2. As of November 22, 2019, KDHE has reported 23 probable and confirmed cases of vaping-related lung illnesses, including two deaths. KDHE notes the ages of patients and reports a variety of substances have been vaped, but does not include official case counts. KDHE earns a C ranking for its reporting on vaping-related lung illnesses.

3. In 2017, only 2.1 percent of Kansas high school students reported daily use of vapor products. More data is needed.

4. Only 3 percent of FDA retail compliance checks resulted in sales of e-cigarettes from January 1, 2018 to September 30, 2019.

5. Kansas spends very little on tobacco prevention. In 2019, Kansas dedicated only $847,041 on tobacco control, or less than 1 percent of what the state received in tobacco settlement payments and taxes.



[1] Vapor Technology Association, “The Economic Impact of the Vapor Industry KANSAS,” 2019, https://vta.guerrillaeconomics.net/reports/310ca84b-a696-445c-b559-27da2298d233?.

[2] Teresa W. Wang et al., “National and State-Specific Unit Sales and Prices for Electronic Cigarettes, United States, 2012-2016,” Preventing Chronic Disease, Centers for Disease Control and Prevention, August 2, 2018, https://www.cdc.gov/pcd/issues/2018/17_0555.htm.

[3] Kansas Department of Health and Environment, “Vaping Epidemic in Kansas,” January 14, 2020, http://www.kdheks.gov/vaping/index.htm. Accessed January 16, 2020.

[4] Centers for Disease Control and Prevention, “High School Youth Risk Behavior Survey, Kansas 2017 Results,” 2017, https://nccd.cdc.gov/youthonline/App/Results.aspx?LID=KS.  

[5] U.S. Food and Drug Administration, “Compliance Check Inspections of Tobacco Product Retailers,” September 30, 2019, https://www.accessdata.fda.gov/scripts/oce/inspections/oce_insp_searching.cfm.

[6] Truth Initiative, “Tobacco use in Kansas,” June 28, 2019, https://truthinitiative.org/research-resources/smoking-region/tobacco-use-kansas-2019.

[7] Royal College of Physicians, Nicotine without Smoke: Tobacco Harm Reduction, April 2016, https://www.rcplondon.ac.uk/projects/outputs/nicotinewithout-smoke-tobacco-harm-reduction-0.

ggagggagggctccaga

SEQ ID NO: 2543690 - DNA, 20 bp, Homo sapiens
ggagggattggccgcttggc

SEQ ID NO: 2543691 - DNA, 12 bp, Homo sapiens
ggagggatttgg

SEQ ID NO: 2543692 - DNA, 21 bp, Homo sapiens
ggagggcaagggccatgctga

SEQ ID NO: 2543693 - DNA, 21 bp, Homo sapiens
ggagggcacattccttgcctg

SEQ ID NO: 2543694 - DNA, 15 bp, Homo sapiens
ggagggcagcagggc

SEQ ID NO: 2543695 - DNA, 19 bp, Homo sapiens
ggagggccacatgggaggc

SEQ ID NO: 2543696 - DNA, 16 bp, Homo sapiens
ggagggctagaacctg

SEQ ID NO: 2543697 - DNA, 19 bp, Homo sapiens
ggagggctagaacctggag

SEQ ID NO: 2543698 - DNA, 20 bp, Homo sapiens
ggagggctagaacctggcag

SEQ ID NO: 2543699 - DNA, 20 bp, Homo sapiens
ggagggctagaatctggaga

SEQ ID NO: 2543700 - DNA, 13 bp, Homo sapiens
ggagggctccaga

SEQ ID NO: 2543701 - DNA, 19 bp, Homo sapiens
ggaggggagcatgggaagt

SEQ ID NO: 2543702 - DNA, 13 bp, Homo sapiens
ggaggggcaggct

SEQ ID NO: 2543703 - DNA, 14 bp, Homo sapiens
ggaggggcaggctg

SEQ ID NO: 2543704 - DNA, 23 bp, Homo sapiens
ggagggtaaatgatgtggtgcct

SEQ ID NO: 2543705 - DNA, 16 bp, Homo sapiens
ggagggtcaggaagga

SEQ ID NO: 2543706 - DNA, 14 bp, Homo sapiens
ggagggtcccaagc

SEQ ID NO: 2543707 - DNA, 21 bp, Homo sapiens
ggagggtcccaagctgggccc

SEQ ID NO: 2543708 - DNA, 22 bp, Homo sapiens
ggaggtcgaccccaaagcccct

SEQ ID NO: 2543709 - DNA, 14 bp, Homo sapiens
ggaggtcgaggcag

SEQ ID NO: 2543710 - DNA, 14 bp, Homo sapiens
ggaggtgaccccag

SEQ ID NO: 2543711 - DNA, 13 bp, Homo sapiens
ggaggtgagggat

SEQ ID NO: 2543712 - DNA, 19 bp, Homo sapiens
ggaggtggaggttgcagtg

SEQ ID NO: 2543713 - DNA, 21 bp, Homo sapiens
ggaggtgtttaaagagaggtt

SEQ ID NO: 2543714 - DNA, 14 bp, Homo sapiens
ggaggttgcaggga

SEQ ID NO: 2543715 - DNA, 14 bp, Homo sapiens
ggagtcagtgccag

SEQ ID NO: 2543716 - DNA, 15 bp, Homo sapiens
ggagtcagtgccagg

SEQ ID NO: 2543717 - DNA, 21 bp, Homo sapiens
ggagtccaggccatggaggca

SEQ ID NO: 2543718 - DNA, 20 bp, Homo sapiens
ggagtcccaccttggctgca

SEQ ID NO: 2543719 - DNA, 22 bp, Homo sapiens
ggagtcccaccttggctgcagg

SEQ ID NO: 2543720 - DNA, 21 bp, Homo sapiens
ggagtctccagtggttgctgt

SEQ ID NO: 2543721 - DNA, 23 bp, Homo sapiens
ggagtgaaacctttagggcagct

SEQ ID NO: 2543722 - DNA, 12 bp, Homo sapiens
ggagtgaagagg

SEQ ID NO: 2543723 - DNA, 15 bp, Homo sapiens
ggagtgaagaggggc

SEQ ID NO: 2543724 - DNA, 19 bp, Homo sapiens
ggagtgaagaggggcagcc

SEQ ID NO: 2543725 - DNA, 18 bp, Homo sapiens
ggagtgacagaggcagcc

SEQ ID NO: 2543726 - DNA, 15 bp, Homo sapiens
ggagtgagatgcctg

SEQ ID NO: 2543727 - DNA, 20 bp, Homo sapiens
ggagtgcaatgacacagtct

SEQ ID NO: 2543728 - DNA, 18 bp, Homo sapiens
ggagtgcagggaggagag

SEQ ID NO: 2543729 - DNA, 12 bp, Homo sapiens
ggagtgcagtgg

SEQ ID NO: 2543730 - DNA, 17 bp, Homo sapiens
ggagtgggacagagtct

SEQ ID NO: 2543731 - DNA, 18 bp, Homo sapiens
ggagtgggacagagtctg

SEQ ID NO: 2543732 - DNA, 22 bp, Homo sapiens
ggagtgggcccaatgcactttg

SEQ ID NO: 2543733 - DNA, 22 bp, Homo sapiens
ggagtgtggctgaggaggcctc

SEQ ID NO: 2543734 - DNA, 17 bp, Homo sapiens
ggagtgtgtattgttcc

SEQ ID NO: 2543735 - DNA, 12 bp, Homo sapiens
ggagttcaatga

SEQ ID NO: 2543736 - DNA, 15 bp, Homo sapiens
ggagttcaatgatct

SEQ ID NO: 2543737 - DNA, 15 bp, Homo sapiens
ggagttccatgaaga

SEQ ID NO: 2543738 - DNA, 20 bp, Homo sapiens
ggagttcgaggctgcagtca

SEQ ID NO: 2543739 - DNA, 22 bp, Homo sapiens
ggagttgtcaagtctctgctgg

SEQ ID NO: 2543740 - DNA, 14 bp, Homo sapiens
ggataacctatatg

[8] A. McNeill et al., “Evidence review of e-cigarettes and heated tobacco products 2018,” Public Health England, February 2018, https://assets.publishing.service.gov.uk/government/uploads/system/uploads/attachment_data/file/684963/Evidence_review_of_e-cigarettes_and_heated_tobacco_products_2018.pdf.

[9] The American Cancer Society, “What Do We Know About E-Cigarettes?” June 19, 2019,  https://web.archive.org/web/20190806152535/https://www.cancer.org/cancer/cancer-causes/tobacco-and-cancer/e-cigarettes.html.


For more information, please refer to:

Tobacco Harm Reduction 101: A Guidebook for Policymakers
This booklet from The Heartland Institute aims to inform key stakeholders on the much-needed information on the benefits of electronic cigarettes and vaping devices. Tobacco Harm Reduction 101 details the history of e-cigarettes, including regulatory actions on these products. The booklet also explains the role of nicotine, addresses tax policy and debunks many of the myths associated with e-cigarettes, including assertions about “popcorn lung,” formaldehyde, and the so-called youth vaping epidemic.


Nothing in this Policy Tip Sheet is intended to influence the passage of legislation, and it does not necessarily represent the views of The Heartland Institute. For further information on this and other topics, visit the Budget & Tax News website, The Heartland Institute’s website, and PolicyBot, Heartland’s free online research database.

The Heartland Institute can send an expert to your state to testify or brief your caucus; host an event in your state; or send you further information on a topic. Please don’t hesitate to contact us if we can be of assistance! If you have any questions or comments, contact Heartland’s government relations department, at [email protected] or 312/377-4000